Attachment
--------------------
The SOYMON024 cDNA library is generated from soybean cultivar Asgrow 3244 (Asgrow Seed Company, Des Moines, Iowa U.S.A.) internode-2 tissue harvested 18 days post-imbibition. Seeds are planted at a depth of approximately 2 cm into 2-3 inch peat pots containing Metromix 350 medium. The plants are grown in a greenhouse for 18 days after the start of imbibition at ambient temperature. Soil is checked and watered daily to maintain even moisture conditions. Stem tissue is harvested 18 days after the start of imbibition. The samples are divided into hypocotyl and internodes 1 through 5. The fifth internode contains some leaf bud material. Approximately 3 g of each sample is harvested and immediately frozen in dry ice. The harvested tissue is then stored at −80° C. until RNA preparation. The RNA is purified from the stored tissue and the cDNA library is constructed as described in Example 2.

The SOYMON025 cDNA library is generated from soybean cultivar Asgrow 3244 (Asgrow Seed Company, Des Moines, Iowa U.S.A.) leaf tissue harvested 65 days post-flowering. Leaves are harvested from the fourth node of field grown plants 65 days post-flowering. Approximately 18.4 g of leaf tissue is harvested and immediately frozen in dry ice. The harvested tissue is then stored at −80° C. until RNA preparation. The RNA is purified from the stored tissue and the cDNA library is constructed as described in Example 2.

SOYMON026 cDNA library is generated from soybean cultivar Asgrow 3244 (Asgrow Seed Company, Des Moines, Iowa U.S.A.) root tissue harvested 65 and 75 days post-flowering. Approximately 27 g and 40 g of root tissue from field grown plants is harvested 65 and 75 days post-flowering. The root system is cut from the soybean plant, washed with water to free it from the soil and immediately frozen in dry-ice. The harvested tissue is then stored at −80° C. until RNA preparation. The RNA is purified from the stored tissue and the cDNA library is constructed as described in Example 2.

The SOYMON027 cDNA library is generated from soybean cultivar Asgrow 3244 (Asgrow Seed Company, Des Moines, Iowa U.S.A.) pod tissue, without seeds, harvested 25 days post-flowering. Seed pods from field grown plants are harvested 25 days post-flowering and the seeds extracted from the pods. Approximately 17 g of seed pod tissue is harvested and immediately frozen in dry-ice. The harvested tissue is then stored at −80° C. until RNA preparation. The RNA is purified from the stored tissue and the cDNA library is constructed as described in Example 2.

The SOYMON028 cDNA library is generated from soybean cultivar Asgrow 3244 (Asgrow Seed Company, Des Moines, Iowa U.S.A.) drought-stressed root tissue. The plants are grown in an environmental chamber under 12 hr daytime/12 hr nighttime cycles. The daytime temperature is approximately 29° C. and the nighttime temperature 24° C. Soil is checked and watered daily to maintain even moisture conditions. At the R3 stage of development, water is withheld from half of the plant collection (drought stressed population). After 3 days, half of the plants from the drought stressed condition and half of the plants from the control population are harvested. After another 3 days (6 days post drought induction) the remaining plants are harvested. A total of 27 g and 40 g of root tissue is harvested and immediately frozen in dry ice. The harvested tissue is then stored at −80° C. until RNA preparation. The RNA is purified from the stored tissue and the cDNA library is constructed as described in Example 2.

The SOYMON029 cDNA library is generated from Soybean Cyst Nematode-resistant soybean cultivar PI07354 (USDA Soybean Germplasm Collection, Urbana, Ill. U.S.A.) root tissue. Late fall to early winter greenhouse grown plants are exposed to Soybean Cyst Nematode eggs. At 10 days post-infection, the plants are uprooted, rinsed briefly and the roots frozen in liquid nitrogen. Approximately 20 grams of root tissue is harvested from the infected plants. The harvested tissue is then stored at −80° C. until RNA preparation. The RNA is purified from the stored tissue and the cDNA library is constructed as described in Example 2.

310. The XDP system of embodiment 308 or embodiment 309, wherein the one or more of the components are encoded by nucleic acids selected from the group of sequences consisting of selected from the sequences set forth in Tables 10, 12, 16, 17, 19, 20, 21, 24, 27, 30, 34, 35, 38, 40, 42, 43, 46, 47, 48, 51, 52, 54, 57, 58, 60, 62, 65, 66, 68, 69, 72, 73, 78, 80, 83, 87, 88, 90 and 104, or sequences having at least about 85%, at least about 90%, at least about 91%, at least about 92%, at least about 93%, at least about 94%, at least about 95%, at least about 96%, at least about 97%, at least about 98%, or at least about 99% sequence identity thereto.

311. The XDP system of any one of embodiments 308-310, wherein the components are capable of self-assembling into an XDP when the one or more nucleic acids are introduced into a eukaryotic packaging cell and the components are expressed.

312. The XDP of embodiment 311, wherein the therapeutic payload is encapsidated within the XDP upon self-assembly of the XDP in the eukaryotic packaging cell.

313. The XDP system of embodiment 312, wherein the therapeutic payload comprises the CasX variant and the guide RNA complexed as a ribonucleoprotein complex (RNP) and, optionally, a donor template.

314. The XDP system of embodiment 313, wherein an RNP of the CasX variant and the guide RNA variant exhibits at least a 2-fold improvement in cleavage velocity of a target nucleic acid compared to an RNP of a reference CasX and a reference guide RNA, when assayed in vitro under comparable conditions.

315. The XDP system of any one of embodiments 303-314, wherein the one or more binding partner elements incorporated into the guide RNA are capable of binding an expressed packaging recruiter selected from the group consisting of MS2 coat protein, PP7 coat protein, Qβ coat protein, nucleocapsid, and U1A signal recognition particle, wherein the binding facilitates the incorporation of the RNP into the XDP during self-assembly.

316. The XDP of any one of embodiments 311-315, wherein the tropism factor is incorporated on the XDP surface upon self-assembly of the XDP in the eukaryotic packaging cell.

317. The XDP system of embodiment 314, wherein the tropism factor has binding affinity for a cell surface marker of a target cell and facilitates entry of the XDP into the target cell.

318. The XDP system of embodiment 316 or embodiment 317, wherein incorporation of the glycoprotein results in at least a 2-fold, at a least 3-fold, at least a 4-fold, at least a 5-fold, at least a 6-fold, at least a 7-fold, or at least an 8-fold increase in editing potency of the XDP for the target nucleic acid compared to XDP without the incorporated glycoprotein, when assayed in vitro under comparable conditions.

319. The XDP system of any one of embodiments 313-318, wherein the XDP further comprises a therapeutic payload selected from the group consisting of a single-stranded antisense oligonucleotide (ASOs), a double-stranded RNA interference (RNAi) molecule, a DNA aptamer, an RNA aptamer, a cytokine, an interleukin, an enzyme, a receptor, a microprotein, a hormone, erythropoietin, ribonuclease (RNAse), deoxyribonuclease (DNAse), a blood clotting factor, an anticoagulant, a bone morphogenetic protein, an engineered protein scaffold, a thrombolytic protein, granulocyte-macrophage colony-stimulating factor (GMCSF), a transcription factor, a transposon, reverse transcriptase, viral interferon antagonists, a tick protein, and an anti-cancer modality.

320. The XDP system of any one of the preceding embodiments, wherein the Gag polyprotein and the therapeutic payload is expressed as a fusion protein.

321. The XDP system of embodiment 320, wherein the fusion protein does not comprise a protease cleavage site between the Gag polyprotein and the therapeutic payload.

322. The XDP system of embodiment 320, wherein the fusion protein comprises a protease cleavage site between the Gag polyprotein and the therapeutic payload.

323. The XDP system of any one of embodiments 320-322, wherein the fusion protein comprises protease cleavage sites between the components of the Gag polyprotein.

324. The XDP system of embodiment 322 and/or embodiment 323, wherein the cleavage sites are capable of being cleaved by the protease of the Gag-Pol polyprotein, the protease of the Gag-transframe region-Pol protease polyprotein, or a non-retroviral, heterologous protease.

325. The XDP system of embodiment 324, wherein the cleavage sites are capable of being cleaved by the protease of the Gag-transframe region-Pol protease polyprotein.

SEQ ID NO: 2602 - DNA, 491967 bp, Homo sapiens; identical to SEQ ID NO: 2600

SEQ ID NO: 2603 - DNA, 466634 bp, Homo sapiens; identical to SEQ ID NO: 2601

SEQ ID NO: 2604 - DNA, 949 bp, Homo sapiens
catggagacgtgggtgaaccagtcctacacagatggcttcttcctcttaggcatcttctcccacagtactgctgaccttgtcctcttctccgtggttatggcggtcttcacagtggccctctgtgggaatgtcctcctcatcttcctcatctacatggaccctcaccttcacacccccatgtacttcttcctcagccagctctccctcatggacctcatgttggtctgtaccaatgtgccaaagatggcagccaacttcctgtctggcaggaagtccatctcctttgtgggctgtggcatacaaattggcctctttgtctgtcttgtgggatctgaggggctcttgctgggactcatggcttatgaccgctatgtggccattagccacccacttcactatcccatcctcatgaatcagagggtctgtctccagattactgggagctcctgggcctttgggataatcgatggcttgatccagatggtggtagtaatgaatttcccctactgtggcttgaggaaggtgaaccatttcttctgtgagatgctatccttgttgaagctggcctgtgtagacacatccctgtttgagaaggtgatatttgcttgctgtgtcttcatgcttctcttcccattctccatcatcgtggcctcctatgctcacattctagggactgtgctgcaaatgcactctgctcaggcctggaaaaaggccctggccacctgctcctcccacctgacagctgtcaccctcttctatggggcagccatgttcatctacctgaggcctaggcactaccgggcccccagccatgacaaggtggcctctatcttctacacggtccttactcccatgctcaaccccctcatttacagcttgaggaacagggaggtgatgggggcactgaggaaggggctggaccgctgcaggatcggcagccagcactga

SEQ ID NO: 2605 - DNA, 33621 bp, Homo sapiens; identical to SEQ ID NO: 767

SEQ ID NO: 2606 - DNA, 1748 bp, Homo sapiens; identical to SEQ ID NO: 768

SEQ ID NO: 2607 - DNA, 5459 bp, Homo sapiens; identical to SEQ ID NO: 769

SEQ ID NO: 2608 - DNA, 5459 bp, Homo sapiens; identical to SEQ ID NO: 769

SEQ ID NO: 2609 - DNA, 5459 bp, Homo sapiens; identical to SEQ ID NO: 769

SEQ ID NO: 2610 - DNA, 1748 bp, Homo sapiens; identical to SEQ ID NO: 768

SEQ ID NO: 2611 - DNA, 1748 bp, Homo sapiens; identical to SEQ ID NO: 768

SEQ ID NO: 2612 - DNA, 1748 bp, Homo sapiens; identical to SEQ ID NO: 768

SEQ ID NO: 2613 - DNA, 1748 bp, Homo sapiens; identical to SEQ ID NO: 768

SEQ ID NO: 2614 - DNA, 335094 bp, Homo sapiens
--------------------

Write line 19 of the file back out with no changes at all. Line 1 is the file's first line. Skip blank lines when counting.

322. The XDP system of embodiment 320, wherein the fusion protein comprises a protease cleavage site between the Gag polyprotein and the therapeutic payload.